COGNITIVE PSYCHOLOGY WITH RESEARCH METHODS - 2020/1
Module code: PSYM112
In light of the Covid-19 pandemic, and in a departure from previous academic years and previously published information, the University has had to change the delivery (and in some cases the content) of its programmes, together with certain University services and facilities for the academic year 2020/21.
These changes include the implementation of a hybrid teaching approach during 2020/21. Detailed information on all changes is available at: https://www.surrey.ac.uk/coronavirus/course-changes. This webpage sets out information relating to general University changes, and will also direct you to consider additional specific information relating to your chosen programme.
Prior to registering online, you must read this general information and all relevant additional programme specific information. By completing online registration, you acknowledge that you have read such content, and accept all such changes.
This module will provide an introduction to the major topics and issues within cognitive psychology. This will be done through a series of lectures and research based workshops, which will provide the student with an opportunity to integrate their developing knowledge of cognitive psychology with practical skills relating to cognitive research methods.
NELSON Jonathan (Psychology)
Number of Credits: 15
ECTS Credits: 7.5
Framework: FHEQ Level 7
JACs code: C850
Module cap (Maximum number of students): N/A
Prerequisites / Co-requisites
The weekly lectures will cover theories and findings related to the following general topic areas:
Methods in cognitive psychology
Attention and selection
Memory and learning
Concepts and categories
Thinking and problem solving
- In addition to the programme of weekly lectures students will be required to attend five workshops that will provide them with an opportunity to integrate their knowledge about Cognitive Psychology with practical research skills.
- One of the workshops will be a journal club where a key article relating to a core area of Cognitive Psychology (e.g., attention) will be read, discussed and evaluated in detail as an introduction to the research area.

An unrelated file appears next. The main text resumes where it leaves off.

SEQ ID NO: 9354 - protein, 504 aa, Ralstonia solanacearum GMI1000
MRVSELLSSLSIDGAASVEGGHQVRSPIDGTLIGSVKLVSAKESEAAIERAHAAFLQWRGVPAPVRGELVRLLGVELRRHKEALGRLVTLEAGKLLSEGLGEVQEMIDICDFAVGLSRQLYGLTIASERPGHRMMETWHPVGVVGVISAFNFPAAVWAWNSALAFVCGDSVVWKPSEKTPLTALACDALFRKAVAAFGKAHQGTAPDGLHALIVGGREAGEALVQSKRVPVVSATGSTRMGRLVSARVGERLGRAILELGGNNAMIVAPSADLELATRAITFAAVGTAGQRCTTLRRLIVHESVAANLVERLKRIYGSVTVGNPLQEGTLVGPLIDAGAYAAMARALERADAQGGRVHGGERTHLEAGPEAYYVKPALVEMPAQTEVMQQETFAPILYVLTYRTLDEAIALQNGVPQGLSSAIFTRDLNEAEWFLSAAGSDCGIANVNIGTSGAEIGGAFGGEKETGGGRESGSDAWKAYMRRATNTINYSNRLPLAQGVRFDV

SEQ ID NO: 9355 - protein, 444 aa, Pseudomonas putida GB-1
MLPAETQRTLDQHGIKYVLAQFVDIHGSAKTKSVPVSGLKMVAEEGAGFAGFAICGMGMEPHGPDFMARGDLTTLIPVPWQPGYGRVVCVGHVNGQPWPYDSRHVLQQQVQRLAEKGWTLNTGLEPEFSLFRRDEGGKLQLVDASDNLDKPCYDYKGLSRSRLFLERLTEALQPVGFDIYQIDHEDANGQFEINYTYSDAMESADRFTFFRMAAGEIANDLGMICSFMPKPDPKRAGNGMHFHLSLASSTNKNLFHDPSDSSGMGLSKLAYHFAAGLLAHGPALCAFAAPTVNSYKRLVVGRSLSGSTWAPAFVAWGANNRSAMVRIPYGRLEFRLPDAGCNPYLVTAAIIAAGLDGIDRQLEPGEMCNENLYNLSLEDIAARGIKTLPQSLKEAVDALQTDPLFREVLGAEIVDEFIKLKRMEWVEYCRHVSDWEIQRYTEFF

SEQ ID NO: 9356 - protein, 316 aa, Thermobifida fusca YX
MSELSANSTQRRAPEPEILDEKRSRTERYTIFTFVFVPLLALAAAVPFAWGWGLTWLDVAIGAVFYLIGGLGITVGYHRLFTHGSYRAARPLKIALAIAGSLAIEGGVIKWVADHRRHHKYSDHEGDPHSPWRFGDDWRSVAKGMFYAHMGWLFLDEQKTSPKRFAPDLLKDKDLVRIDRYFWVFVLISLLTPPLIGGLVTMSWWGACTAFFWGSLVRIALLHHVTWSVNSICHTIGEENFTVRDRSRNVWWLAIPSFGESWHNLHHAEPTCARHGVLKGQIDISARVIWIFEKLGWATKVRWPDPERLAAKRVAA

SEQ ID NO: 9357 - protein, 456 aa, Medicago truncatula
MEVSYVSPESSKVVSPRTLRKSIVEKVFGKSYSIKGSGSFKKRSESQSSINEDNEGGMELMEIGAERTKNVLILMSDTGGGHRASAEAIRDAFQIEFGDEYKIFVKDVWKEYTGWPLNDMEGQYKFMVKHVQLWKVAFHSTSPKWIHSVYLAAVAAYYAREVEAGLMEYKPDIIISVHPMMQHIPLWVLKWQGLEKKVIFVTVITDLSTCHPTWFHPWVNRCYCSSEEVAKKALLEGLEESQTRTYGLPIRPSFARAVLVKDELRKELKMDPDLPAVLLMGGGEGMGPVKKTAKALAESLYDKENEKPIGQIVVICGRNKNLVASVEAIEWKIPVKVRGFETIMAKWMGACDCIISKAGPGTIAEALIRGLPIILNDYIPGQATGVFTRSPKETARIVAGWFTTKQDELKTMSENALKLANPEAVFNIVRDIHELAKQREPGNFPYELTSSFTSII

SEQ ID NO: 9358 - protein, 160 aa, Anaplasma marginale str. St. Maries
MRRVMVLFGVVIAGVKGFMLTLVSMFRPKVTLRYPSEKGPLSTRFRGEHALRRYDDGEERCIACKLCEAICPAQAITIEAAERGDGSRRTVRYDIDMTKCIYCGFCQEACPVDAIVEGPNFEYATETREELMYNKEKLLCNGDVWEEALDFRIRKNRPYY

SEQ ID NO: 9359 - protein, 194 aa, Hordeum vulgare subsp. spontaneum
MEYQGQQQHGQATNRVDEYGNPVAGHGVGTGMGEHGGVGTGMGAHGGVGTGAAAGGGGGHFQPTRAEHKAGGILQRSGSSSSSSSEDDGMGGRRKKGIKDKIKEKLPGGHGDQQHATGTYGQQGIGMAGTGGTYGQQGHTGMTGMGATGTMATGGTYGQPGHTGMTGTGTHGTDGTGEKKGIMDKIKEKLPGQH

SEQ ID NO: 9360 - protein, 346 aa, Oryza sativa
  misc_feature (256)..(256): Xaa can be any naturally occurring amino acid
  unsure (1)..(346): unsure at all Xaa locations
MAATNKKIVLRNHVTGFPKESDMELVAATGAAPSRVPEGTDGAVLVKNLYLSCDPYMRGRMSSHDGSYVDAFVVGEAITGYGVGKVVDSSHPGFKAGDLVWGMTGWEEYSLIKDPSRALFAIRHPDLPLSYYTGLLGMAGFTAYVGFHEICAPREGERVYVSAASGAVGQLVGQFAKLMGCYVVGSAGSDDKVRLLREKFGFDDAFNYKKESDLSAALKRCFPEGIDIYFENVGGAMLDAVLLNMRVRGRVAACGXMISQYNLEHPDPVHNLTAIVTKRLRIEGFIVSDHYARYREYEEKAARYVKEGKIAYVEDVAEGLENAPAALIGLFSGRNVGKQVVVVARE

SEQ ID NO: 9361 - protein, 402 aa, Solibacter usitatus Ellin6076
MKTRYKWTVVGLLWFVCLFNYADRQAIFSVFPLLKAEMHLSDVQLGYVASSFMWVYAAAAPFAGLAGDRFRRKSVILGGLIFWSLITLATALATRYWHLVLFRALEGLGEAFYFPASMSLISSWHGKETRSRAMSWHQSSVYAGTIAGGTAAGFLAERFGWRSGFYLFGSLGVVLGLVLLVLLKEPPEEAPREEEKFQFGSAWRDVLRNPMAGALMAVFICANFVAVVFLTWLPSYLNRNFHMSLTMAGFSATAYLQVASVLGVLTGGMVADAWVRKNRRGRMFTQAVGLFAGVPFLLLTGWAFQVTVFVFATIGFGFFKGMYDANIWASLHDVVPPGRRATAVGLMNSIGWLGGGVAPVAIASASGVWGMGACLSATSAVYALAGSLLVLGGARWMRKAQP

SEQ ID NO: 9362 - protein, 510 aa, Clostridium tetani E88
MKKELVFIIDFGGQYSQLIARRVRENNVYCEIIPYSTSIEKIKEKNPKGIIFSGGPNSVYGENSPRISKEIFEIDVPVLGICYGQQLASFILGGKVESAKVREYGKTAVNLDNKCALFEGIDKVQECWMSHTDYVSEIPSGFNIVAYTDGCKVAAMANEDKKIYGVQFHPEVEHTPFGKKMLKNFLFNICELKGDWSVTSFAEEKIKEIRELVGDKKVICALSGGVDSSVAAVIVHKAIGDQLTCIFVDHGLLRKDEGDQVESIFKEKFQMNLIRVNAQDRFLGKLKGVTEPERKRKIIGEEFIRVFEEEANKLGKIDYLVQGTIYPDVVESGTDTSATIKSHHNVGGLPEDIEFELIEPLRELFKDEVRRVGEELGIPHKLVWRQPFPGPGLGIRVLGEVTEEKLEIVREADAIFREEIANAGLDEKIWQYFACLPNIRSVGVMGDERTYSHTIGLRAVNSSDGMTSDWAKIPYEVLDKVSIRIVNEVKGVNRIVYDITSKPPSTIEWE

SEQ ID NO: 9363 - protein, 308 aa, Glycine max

- Four of the workshops will consist of practical sessions in which students will be required to formulate hypotheses about a key question relating to a core area of Cognitive Psychology (e.g., attention), evaluate an experimental design, test these hypotheses empirically, collect data, enter and analyse the relevant data, discuss the results and the implications of the findings and then receive guidance on how to present the findings in a research report.
|Assessment type||Unit of assessment||Weighting|
|Coursework||RESEARCH REPORT (2,200 WORDS)||50|
|Examination||WRITTEN EXAM (90 MINUTES)||50|
Alternative Assessment: Research Report (2500 words; same data)
The assessment strategy is designed to provide students with the opportunity to demonstrate that:
They can systematically describe key theoretical accounts of, attention, memory, creativity, problem solving and language.
They can critically evaluate these theoretical perspectives and the empirical evidence that tests them.
They are able to critically discuss the implications of key findings relating to attention, memory, creativity, problem solving and language.
They posess the relevant skills and knowledge to be able to synthesise different perspectives to provide a broader understanding of attention, memory, creativity, problem solving and language.